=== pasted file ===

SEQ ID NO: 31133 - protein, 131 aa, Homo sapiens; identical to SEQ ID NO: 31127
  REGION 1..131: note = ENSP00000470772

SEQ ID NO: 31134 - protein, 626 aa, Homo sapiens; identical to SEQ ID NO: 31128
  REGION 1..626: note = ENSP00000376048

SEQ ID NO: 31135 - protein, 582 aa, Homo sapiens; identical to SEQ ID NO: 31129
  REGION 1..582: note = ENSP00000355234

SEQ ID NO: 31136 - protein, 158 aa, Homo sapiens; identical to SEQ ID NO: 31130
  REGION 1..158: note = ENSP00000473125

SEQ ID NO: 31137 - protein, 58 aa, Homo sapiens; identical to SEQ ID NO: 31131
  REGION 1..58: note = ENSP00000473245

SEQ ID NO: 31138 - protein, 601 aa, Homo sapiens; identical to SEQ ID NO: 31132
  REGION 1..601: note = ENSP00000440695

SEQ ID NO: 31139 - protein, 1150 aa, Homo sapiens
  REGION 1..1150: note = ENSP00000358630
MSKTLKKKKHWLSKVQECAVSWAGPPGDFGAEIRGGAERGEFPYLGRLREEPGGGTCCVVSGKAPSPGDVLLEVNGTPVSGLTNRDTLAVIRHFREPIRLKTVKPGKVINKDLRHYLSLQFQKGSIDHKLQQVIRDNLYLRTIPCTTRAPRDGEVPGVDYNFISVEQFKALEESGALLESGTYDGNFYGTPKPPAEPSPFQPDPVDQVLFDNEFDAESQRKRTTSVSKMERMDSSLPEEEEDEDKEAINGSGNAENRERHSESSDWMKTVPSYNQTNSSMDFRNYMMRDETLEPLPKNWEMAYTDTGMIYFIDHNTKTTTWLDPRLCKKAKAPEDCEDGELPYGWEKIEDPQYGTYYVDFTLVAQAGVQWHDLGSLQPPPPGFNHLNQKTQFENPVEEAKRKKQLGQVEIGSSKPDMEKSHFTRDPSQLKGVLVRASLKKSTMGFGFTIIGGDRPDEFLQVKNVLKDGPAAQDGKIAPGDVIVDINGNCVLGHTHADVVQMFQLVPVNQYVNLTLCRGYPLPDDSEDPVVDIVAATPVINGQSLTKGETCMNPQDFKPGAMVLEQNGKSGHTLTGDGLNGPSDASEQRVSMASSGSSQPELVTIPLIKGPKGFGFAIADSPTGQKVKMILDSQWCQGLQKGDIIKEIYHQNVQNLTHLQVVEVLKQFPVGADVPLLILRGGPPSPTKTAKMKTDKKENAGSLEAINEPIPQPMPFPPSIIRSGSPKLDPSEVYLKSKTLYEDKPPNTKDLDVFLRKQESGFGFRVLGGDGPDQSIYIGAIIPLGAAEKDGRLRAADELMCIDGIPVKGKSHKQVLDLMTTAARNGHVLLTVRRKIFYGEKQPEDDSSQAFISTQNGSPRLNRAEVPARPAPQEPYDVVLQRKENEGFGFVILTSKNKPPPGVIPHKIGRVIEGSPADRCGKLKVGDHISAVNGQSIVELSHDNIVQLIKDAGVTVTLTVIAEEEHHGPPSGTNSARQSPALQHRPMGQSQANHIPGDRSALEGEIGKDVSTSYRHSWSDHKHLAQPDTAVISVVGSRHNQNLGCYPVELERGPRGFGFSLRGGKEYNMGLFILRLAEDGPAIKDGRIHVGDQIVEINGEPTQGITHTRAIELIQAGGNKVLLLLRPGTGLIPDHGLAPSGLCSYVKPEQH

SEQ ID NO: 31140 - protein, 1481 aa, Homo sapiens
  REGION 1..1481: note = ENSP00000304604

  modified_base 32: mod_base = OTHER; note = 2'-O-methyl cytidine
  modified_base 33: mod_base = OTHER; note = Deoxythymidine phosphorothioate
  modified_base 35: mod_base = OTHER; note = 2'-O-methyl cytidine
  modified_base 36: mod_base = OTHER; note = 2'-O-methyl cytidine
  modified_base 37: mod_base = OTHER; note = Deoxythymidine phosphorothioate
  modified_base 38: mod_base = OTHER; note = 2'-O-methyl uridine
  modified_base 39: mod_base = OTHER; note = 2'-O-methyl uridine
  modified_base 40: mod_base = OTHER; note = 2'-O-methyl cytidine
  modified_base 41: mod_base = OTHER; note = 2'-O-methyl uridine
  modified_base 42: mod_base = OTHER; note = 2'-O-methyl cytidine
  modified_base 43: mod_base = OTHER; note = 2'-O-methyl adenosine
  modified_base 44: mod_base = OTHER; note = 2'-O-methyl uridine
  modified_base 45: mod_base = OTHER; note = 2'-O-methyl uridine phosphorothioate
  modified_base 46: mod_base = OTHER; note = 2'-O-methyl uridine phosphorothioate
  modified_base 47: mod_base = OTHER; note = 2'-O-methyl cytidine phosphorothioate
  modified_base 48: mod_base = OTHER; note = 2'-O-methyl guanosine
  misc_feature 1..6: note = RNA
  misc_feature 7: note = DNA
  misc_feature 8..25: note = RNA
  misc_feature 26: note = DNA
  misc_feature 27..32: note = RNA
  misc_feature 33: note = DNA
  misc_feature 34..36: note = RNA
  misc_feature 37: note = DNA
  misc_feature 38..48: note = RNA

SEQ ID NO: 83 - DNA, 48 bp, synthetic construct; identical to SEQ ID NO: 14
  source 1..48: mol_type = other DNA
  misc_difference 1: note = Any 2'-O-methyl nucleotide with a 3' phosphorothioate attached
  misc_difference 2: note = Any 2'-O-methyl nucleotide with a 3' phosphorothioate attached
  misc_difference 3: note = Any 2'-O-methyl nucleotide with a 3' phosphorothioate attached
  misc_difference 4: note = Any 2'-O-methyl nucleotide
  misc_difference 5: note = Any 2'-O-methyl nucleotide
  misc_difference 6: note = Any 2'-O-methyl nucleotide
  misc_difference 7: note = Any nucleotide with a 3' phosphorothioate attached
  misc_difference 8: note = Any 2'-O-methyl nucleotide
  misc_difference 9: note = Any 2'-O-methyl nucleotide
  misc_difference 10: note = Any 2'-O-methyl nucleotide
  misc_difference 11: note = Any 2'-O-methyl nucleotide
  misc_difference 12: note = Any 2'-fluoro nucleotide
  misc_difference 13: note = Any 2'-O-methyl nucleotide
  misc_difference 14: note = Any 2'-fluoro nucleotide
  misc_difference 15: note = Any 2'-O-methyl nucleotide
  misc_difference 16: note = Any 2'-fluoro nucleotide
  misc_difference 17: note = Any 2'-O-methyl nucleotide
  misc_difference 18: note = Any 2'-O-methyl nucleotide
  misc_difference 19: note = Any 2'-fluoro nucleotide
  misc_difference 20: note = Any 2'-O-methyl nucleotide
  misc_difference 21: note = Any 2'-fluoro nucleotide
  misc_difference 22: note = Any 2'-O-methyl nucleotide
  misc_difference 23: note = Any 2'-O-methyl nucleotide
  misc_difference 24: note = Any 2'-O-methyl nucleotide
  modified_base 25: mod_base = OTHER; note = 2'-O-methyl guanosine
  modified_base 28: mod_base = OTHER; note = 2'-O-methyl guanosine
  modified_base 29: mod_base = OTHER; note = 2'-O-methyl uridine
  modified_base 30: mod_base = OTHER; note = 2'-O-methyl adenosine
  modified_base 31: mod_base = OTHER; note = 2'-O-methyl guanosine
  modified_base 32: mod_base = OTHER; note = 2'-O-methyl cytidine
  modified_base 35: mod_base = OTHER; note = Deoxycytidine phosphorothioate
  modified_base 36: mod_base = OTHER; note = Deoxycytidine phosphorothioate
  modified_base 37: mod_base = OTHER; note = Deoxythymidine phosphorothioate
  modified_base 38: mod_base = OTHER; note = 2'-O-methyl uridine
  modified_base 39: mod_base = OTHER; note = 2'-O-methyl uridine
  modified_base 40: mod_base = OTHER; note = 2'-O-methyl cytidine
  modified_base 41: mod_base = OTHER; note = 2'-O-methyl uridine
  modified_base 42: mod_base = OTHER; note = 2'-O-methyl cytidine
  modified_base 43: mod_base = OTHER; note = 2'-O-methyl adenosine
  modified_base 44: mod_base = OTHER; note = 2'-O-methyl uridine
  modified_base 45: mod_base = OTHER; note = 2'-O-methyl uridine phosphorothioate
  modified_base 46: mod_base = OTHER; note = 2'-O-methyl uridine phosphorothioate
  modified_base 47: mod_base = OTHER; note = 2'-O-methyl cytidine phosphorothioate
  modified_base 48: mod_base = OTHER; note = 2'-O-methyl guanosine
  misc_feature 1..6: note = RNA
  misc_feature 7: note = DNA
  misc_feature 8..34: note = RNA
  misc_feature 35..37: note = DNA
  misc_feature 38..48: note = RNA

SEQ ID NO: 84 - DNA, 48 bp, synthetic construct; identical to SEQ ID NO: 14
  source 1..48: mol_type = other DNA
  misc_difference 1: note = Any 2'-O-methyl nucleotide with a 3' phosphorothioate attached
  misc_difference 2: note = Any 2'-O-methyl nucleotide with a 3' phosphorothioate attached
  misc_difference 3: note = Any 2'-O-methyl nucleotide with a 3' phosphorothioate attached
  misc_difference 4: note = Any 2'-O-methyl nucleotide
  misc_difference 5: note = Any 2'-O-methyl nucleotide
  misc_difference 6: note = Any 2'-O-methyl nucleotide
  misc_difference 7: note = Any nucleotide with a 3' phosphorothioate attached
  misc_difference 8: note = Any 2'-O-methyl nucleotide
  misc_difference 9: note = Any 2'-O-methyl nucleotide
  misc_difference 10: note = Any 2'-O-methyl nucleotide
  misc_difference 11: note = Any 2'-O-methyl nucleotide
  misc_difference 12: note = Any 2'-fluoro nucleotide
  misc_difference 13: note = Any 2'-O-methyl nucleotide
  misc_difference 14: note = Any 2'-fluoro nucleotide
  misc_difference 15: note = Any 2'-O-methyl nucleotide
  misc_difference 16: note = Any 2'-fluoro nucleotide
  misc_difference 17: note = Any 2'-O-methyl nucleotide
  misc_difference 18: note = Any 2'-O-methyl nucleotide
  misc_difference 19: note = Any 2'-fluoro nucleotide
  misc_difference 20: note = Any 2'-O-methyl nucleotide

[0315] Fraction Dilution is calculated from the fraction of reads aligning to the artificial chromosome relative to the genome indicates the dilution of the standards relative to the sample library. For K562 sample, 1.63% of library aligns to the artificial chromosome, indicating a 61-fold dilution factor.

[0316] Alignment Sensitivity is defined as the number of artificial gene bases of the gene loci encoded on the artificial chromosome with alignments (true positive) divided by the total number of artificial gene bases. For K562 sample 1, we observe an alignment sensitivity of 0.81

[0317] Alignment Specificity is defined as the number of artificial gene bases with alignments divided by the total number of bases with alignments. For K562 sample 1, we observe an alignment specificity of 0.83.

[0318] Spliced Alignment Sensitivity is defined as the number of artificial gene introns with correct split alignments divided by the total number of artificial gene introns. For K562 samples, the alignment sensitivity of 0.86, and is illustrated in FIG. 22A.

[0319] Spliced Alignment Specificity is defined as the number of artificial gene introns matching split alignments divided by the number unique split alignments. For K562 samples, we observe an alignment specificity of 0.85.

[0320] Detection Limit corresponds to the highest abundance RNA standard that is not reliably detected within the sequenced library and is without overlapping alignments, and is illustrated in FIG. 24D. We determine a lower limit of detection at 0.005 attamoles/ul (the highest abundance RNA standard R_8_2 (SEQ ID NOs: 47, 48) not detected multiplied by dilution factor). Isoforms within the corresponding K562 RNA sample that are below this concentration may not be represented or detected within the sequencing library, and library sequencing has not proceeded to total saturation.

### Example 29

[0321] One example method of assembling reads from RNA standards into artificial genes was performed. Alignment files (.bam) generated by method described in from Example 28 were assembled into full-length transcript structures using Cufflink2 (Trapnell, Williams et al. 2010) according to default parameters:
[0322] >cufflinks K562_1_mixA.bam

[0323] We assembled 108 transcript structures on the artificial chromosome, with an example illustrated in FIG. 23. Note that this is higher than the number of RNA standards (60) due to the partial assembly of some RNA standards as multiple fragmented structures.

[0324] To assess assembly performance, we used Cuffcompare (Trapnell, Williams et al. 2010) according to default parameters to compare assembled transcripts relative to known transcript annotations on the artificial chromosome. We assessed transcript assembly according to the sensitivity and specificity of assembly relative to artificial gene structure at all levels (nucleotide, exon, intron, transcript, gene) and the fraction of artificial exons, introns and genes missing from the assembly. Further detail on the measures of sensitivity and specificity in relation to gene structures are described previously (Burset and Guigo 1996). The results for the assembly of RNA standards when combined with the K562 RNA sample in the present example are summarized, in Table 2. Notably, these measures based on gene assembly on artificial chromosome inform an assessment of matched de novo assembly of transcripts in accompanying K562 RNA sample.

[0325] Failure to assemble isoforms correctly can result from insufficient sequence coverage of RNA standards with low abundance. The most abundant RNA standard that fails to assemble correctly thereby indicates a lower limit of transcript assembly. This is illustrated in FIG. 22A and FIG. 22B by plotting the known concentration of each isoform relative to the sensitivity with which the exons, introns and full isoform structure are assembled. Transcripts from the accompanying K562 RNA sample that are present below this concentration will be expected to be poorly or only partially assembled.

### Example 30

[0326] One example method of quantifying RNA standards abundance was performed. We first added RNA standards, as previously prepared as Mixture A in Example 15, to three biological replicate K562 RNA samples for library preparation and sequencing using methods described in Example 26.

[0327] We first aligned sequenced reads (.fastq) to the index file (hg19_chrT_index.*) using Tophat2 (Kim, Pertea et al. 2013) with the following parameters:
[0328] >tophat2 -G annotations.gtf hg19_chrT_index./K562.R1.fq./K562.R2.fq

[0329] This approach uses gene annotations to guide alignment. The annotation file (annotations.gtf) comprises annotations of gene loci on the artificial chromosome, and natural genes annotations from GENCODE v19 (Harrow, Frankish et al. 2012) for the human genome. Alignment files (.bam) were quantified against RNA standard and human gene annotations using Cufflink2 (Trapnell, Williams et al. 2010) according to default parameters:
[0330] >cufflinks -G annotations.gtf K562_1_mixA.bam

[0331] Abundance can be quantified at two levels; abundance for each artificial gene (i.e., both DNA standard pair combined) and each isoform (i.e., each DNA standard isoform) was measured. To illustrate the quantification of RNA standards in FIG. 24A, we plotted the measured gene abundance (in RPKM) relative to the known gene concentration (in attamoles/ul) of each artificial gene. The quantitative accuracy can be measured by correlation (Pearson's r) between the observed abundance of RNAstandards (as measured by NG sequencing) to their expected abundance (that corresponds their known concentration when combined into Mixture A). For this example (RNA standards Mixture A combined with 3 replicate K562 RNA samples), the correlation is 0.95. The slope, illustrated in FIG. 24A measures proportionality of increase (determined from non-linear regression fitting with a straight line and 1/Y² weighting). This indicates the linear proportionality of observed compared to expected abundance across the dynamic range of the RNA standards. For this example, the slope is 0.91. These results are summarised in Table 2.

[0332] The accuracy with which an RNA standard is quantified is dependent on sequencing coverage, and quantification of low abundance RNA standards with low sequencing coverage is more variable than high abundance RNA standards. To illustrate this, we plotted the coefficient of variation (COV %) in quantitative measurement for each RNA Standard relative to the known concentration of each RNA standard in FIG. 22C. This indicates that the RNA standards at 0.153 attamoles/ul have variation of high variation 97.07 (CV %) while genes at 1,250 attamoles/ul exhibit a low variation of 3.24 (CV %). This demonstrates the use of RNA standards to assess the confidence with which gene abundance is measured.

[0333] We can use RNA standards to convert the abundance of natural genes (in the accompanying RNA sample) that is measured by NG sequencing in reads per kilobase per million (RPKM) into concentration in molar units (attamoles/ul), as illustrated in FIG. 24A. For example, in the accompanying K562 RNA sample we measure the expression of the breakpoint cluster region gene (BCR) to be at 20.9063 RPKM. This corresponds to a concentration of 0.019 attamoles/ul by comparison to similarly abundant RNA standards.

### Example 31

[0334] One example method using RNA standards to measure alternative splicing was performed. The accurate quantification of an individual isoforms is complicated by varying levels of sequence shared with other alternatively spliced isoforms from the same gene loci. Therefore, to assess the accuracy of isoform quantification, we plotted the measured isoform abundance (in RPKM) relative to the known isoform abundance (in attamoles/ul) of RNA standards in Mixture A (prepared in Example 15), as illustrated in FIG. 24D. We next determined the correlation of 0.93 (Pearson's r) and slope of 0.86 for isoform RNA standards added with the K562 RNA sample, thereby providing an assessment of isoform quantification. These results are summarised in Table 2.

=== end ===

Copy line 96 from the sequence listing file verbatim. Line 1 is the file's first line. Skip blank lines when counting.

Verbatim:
  misc_difference 1: note = Any 2'-O-methyl nucleotide with a 3' phosphorothioate attached